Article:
Over the years, the genre has remained preserved and still impactful to this day. Artists like Femi Kuti, Seun Kuti, and Made Kuti have all earned Grammy nominations for their Afrobeat projects. Seun Kuti’s ‘Black Times‘ was nominated for Best World Music Album (now Best Global Music Album) at the 61st Annual Grammy Awards in 2019. Femi Kuti has earned 6 Grammy nominations while Made Kuti made his Grammy nod debut this year with ‘Legacy+‘, a joint LP with his father, Femi Kuti.
Besides Femi, Seun, and Made (Kutis), artists of the 2000s and present following in the footsteps of Fela Kuti are Franck Biyong and Massak from Cameroon, Segun Damisa and the Afrobeat Crusaders, Newen Afrobeat from Chile, Eddy Taylor and the Heartphones from Cologne, Germany, Bantucrew, the Albinoid Afrobeat Orchestra / Albinoid Sound System from Strasbourg, France, Abayomy Afrobeat Orquestra, Karl Hector and the Malcouns from Munich, Germany, Afrodizz and Dele Sosimi and the ex-Africa ’70 members Oghene Kologbo (guitar) with Afrobeat Academy, Nicholas Addo-Nettey who is also known as Pax Nicholas, with Ridimtaksi both based in Berlin, Germany. Namibian artist EES (Eric Sell) associates Afrobeat, Reggae and Kwaito.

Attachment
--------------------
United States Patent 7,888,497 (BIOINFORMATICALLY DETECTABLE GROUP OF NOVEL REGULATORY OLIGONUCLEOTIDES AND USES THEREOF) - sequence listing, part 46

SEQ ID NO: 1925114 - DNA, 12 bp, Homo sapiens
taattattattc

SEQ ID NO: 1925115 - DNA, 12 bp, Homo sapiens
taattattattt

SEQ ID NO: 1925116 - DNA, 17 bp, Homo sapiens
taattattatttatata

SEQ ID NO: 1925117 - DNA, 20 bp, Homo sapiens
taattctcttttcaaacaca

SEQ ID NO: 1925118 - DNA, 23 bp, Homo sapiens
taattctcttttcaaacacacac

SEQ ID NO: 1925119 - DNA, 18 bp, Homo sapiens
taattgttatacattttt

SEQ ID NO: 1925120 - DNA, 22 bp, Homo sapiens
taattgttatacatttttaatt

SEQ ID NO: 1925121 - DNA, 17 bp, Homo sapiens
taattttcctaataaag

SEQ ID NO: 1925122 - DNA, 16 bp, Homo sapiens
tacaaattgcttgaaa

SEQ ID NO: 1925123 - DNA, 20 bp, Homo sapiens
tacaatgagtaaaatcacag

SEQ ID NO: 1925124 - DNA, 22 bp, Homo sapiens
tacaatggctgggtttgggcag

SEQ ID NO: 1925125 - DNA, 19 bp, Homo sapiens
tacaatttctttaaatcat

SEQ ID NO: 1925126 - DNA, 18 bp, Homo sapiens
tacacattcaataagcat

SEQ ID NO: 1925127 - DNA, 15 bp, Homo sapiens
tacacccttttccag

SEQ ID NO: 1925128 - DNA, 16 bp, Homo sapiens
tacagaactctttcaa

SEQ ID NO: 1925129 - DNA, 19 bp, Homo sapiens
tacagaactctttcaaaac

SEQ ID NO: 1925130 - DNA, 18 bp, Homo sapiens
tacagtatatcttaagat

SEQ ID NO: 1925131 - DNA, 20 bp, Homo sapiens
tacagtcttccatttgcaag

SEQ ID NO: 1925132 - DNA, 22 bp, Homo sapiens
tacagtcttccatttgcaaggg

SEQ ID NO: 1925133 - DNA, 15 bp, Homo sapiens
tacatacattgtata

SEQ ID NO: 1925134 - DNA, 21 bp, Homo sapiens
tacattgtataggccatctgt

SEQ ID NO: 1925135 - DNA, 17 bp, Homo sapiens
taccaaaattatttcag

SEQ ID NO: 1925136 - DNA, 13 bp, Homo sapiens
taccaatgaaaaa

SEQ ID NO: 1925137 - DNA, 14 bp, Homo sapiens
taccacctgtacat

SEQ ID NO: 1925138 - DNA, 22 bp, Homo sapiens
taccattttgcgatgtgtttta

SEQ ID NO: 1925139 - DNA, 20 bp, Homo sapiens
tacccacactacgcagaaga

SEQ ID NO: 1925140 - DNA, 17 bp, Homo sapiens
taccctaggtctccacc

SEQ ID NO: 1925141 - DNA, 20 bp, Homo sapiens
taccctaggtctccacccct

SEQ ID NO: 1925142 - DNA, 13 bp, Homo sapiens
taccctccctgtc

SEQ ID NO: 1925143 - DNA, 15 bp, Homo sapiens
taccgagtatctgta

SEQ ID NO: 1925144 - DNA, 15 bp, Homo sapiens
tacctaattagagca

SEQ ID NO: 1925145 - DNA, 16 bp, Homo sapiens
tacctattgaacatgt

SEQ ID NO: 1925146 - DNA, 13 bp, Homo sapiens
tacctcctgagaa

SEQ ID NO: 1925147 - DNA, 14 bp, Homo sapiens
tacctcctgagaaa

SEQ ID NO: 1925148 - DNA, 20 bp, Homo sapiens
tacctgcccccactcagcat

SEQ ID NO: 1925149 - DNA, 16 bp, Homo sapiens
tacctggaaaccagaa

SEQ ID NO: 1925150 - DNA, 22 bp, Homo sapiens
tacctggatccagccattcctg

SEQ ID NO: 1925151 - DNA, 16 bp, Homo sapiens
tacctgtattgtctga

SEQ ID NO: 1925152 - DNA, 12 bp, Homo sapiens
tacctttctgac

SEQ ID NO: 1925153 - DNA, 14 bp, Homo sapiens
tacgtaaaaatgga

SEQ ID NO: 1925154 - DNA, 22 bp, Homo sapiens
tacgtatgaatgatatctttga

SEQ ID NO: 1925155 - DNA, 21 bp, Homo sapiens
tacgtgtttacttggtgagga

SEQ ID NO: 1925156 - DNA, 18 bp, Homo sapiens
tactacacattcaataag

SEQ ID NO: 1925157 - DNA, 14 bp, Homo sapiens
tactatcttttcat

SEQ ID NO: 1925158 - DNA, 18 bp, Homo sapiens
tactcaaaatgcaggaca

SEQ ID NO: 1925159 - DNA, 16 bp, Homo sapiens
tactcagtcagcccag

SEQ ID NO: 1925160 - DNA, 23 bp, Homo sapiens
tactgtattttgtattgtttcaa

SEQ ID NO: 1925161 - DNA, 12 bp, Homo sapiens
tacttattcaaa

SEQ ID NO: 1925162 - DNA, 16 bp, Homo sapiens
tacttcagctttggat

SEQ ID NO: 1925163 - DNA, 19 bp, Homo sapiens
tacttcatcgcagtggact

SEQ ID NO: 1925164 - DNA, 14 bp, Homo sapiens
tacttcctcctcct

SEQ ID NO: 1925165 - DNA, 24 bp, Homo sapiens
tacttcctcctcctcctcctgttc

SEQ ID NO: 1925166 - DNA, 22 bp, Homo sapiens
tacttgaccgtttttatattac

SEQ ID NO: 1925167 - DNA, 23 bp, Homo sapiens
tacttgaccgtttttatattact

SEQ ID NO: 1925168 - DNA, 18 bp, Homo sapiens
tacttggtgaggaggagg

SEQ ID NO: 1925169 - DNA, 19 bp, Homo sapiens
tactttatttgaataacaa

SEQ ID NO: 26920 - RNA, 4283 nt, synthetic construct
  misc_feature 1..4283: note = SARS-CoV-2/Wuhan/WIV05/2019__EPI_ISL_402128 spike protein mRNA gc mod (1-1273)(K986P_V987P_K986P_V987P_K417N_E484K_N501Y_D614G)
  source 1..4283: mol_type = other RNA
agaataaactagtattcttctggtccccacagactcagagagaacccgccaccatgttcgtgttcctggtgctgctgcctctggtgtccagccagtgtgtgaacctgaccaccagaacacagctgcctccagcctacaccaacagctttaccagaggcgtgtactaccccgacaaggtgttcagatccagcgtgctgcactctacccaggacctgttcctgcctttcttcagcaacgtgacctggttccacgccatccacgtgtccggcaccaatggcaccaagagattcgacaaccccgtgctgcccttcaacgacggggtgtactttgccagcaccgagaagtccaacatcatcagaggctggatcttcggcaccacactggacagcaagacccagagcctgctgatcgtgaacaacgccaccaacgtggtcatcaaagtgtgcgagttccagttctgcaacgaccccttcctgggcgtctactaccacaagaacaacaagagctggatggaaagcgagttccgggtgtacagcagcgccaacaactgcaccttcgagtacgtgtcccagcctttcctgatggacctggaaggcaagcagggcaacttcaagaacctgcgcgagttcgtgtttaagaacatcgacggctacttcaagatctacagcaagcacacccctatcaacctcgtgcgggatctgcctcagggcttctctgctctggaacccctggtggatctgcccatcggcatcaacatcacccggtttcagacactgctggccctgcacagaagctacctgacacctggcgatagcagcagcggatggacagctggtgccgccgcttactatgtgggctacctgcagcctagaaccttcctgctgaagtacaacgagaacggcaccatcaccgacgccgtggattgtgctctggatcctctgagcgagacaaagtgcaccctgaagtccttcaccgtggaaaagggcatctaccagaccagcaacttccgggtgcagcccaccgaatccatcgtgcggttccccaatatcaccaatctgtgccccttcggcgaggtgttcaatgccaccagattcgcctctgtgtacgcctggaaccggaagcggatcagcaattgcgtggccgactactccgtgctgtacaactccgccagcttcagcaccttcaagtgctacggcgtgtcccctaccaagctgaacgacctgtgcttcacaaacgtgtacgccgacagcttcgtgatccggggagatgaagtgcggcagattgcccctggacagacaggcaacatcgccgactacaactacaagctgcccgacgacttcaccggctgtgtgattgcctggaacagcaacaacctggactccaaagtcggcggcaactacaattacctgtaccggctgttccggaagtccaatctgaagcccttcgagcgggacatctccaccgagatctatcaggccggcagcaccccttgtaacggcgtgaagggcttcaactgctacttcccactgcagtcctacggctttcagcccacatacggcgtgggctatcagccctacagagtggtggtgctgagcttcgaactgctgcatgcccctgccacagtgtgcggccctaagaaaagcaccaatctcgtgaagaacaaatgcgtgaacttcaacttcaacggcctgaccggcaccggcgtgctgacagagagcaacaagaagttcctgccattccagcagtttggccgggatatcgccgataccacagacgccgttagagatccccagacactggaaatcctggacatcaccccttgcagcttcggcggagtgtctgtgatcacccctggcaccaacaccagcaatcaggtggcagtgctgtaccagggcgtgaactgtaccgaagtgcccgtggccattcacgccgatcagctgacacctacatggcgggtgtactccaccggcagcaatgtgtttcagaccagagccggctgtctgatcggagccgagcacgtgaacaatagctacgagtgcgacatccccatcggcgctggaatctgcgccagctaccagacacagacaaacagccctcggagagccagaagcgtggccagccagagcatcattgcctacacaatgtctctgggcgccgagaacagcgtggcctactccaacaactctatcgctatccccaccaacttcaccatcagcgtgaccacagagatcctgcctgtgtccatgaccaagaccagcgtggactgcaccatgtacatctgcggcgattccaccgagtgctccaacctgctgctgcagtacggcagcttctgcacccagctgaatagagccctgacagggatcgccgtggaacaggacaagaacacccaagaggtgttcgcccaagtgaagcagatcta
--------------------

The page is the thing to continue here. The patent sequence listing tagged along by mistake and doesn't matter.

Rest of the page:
What is Afrobeats?
The definition of Afrobeats is quite subjective. Some would argue that it is more of a culture, while others will lean more towards the term being a music genre. The definition has seen different perspectives from different people.
While some see ‘Afrobeats‘ as an overarching term for contemporary West African music, others see it as a specific genre of music. They have also described it as an umbrella of popular music in West Africa.
Sadof Alexander made a remark that Afrobeats gets its distinct sound from a couple of different influences. She said; “the style is anchored in West African music styles, particularly highlife music, American jazz and funk, creating a hybrid sound from across the continent.” The writers at Masterclass see Afrobeats as a loose affiliation of popular music that draws on African and Western music, including juju, dancehall, soca, Naija beats, house, and hiplife.
The Afrobeats conversation cannot hold water without the likes of 2baba (2face, Innocent Idibia), D’banj and P-Square in the mix. Prior to artists like Burna Boy, Wizkid, Davido, Flavour, Mr Eazi, Rema, CKay and others, they had the game on lock for years, with three decades between them.